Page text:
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The Confusion of Is and Ought in Game Theoretic Contexts

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Author Info

  • Joseph B. Kadane

    (Carnegie-Mellon University)

  • Patrick D. Larkey

    (Carnegie-Mellon University)

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    Abstract

    This paper explores the distinction between normative and positive theoretical statements in a game theoretic context from a Bayesian perspective. Normative and positive theoretical statements are often confused in decision making research. The confusion results from some unique epistemological and methodological problems associated with cognitive behavior as an object for scientific inquiry. The confusion persists because of poor model validation procedures which are themselves further complicated by the confusion. The confusion greatly impedes the development of more useful prescriptions for and predictions of human decision behavior. From a Bayesian perspective which acknowledges the importance of incomplete information and imperfect theories of behavior, the confusion is unnecessary.

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    File URL: http://dx.doi.org/10.1287/mnsc.29.12.1365
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    Bibliographic Info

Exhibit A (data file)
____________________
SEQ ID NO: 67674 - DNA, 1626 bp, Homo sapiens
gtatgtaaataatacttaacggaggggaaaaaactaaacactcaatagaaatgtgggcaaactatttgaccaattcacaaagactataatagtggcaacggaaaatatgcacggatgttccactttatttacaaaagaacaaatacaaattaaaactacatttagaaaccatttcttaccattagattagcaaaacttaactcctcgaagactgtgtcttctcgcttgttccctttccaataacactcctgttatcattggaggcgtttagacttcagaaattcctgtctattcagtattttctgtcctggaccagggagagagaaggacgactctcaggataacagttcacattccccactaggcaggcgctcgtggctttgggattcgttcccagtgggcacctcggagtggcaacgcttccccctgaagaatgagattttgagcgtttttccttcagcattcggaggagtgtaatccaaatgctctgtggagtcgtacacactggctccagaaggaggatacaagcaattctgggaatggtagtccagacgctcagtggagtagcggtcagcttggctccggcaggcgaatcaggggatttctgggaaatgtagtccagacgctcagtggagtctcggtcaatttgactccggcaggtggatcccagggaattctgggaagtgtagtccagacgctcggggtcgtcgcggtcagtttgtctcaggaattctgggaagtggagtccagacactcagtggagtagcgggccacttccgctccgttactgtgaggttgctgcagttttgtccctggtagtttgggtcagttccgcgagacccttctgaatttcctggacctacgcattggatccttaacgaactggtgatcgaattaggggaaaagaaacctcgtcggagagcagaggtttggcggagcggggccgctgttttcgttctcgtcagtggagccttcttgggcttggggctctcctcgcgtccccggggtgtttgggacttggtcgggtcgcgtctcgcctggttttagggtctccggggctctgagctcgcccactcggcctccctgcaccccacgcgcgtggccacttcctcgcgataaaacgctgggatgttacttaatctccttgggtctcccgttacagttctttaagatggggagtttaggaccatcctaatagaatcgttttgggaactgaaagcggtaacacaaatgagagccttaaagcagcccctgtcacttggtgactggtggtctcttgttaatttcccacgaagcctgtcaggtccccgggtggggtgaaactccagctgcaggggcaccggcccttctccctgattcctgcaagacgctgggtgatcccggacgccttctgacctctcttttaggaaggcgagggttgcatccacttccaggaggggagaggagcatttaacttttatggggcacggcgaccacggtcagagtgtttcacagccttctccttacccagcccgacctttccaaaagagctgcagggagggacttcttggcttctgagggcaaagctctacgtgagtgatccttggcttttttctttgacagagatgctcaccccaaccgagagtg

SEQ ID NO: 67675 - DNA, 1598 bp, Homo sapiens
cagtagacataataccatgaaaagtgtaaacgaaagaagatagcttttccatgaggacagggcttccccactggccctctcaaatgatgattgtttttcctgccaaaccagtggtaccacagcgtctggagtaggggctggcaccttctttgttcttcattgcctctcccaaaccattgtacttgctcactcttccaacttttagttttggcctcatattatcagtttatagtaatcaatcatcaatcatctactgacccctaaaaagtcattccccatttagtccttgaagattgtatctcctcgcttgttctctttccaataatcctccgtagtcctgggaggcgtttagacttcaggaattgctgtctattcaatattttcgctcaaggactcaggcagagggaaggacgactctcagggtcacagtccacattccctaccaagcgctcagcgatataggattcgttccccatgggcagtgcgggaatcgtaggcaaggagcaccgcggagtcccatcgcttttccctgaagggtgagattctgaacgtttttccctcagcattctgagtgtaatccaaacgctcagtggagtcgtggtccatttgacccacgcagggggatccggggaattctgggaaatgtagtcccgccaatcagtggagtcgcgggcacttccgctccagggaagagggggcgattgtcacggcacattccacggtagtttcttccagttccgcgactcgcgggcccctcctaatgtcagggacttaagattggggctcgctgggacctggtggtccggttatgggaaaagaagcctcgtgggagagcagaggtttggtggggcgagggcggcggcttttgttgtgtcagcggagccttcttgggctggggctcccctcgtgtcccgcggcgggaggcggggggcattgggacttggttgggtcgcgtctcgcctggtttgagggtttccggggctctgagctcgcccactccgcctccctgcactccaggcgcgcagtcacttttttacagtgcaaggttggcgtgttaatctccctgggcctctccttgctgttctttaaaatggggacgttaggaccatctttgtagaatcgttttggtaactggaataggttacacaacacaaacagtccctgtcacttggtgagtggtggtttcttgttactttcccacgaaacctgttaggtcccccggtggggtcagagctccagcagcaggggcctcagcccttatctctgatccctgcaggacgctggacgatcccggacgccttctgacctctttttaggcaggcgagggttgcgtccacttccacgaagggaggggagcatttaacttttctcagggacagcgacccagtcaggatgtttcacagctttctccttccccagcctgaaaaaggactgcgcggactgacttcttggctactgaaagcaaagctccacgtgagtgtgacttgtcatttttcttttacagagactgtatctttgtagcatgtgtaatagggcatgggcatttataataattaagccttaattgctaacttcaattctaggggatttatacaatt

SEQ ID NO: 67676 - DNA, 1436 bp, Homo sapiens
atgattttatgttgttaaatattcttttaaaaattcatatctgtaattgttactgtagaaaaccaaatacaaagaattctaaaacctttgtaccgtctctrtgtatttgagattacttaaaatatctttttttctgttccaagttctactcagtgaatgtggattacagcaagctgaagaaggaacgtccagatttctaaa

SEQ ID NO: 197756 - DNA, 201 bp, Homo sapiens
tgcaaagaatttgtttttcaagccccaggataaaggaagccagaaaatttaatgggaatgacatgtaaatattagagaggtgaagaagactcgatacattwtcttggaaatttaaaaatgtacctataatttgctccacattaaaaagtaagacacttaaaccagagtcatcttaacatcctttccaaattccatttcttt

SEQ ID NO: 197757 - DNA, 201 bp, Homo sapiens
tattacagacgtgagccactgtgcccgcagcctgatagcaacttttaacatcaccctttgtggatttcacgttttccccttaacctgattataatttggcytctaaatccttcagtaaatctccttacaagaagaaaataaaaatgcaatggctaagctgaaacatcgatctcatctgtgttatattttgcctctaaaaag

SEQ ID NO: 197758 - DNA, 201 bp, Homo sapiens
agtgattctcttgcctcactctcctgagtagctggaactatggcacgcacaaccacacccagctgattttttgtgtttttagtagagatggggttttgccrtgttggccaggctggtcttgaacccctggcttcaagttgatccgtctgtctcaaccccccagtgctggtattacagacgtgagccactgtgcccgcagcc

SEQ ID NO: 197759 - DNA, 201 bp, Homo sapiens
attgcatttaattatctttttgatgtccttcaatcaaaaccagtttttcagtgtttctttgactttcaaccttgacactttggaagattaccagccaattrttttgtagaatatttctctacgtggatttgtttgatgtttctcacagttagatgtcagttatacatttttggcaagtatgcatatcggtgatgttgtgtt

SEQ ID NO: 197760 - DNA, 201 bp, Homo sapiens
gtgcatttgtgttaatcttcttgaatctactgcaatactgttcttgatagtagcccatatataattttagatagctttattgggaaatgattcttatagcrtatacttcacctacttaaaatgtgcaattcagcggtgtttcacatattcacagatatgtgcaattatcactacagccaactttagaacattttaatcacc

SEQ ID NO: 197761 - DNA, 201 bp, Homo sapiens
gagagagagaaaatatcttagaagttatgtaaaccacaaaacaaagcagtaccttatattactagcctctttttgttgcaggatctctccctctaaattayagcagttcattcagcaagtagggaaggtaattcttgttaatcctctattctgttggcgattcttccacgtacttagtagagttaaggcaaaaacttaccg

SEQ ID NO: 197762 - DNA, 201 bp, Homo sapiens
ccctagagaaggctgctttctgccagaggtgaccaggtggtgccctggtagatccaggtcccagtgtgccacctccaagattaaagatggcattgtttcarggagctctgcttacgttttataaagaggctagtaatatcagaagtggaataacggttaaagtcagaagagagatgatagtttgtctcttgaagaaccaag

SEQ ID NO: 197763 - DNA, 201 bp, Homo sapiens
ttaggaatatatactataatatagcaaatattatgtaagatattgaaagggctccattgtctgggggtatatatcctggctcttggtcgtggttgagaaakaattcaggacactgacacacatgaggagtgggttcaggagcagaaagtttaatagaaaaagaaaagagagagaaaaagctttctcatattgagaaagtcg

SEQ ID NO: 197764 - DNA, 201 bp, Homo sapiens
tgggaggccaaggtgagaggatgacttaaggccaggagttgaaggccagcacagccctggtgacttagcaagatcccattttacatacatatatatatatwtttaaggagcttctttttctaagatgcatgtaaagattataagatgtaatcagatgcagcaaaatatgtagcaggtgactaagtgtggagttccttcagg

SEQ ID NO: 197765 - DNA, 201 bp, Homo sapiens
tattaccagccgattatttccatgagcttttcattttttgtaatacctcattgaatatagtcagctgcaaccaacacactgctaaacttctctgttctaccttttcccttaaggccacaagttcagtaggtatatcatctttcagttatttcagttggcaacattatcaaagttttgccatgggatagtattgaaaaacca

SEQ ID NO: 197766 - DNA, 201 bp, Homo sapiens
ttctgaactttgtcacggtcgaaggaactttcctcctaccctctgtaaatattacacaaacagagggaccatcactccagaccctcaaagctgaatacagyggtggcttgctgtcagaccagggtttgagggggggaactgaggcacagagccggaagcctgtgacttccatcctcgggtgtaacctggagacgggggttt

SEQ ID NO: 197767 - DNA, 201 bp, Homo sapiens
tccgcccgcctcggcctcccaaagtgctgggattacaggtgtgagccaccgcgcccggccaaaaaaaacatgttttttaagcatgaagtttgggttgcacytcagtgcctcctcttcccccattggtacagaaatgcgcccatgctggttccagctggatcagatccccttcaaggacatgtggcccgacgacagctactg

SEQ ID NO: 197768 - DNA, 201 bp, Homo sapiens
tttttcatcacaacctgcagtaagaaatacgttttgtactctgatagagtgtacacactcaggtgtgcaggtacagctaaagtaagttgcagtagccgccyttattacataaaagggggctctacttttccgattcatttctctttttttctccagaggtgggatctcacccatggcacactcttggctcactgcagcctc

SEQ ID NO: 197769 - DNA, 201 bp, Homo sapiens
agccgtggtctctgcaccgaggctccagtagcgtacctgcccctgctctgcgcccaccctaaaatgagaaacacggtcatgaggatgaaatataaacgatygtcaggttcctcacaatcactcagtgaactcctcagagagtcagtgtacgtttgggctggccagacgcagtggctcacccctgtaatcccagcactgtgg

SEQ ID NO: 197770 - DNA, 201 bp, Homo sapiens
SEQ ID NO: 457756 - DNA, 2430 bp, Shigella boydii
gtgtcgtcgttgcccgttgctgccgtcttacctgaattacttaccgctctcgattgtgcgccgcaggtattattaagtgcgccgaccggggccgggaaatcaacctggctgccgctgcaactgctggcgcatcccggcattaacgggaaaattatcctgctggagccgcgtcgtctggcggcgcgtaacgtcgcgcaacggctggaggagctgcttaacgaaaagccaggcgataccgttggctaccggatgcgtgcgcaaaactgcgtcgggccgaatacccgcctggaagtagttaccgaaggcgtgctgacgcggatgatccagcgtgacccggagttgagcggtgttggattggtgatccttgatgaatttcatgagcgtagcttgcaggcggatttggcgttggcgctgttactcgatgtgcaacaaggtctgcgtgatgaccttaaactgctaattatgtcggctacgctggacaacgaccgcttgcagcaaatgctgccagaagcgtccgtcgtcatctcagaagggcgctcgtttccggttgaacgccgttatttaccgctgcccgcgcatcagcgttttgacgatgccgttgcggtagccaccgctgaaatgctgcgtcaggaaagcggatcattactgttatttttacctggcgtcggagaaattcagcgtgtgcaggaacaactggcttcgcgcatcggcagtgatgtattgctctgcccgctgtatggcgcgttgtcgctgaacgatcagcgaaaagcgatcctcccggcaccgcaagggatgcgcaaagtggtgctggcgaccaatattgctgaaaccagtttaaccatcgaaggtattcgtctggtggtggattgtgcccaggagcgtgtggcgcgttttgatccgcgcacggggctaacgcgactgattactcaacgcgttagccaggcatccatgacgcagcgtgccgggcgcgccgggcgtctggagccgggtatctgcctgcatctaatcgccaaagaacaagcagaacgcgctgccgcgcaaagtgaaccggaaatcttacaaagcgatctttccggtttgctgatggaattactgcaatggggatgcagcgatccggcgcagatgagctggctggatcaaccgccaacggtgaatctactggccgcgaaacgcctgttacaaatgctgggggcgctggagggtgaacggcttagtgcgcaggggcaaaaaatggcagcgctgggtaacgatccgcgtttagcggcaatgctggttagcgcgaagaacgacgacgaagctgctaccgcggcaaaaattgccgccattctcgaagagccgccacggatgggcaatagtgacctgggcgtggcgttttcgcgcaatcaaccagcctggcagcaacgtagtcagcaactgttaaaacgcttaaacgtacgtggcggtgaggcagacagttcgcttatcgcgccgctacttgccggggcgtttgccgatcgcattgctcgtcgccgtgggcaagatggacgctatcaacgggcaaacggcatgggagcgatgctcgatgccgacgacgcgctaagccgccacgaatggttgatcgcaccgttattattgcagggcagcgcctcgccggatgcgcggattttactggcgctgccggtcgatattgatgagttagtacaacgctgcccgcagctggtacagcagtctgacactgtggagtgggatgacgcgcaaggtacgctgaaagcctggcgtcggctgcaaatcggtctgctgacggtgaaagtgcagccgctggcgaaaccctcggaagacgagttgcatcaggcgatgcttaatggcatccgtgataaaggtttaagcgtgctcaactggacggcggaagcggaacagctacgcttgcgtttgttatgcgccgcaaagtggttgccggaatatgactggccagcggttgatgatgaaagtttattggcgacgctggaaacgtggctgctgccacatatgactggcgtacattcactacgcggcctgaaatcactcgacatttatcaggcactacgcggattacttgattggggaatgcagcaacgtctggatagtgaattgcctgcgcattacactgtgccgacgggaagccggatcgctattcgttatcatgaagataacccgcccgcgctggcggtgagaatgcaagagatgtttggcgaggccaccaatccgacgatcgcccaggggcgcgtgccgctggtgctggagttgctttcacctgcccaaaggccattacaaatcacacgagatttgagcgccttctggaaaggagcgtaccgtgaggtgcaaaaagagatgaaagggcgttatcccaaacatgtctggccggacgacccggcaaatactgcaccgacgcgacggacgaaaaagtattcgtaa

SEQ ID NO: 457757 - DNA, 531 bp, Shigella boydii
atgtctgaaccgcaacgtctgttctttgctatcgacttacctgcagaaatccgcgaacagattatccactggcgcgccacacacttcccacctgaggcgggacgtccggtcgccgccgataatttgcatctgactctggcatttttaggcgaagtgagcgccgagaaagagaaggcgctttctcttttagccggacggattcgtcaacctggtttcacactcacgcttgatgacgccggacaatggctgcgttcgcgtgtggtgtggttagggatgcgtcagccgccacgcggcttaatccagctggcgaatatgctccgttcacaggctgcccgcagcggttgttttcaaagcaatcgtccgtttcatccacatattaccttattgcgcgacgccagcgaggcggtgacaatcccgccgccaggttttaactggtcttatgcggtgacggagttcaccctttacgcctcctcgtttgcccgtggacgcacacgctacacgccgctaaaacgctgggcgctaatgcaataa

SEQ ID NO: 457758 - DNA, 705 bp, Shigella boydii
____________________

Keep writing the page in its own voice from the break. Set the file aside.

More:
Article provided by INFORMS in its journal Management Science.

    Volume (Year): 29 (1983)
    Issue (Month): 12 (December)
    Pages: 1365-1379

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    Handle: RePEc:inm:ormnsc:v:29:y:1983:i:12:p:1365-1379

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    Related research

    Keywords: game theory;

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    Cited by:
    1. Rudolf Vetschera, 2004. "Behavioral uncertainty and investments in cooperative relationships," Managerial and Decision Economics, John Wiley & Sons, Ltd., vol. 25(1), pages 17-27.
    2. Joseph Kadane & Javier Girón & Daniel Peña & Peter Fishburn & Simon French & D. Lindley & Giovanni Parmigiani & Robert Winkler, 1993. "Several Bayesians: A review," TEST: An Official Journal of the Spanish Society of Statistics and Operations Research, Springer, vol. 2(1), pages 1-32, December.
    3. Velu, C. & Iyer, S., 2008. "The Rationality of Irrationality for Managers: Returns- Based Beliefs and the Traveller’s Dilemma," Cambridge Working Papers in Economics 0826, Faculty of Economics, University of Cambridge.
    4. Velu, C. & Iyer, S., 2008. "Returns-Based Beliefs and The Prisoner’s Dilemma," Cambridge Working Papers in Economics 0854, Faculty of Economics, University of Cambridge.
    5. Robert Nau, 2001. "De Finetti was Right: Probability Does Not Exist," Theory and Decision, Springer, vol. 51(2), pages 89-124, December.

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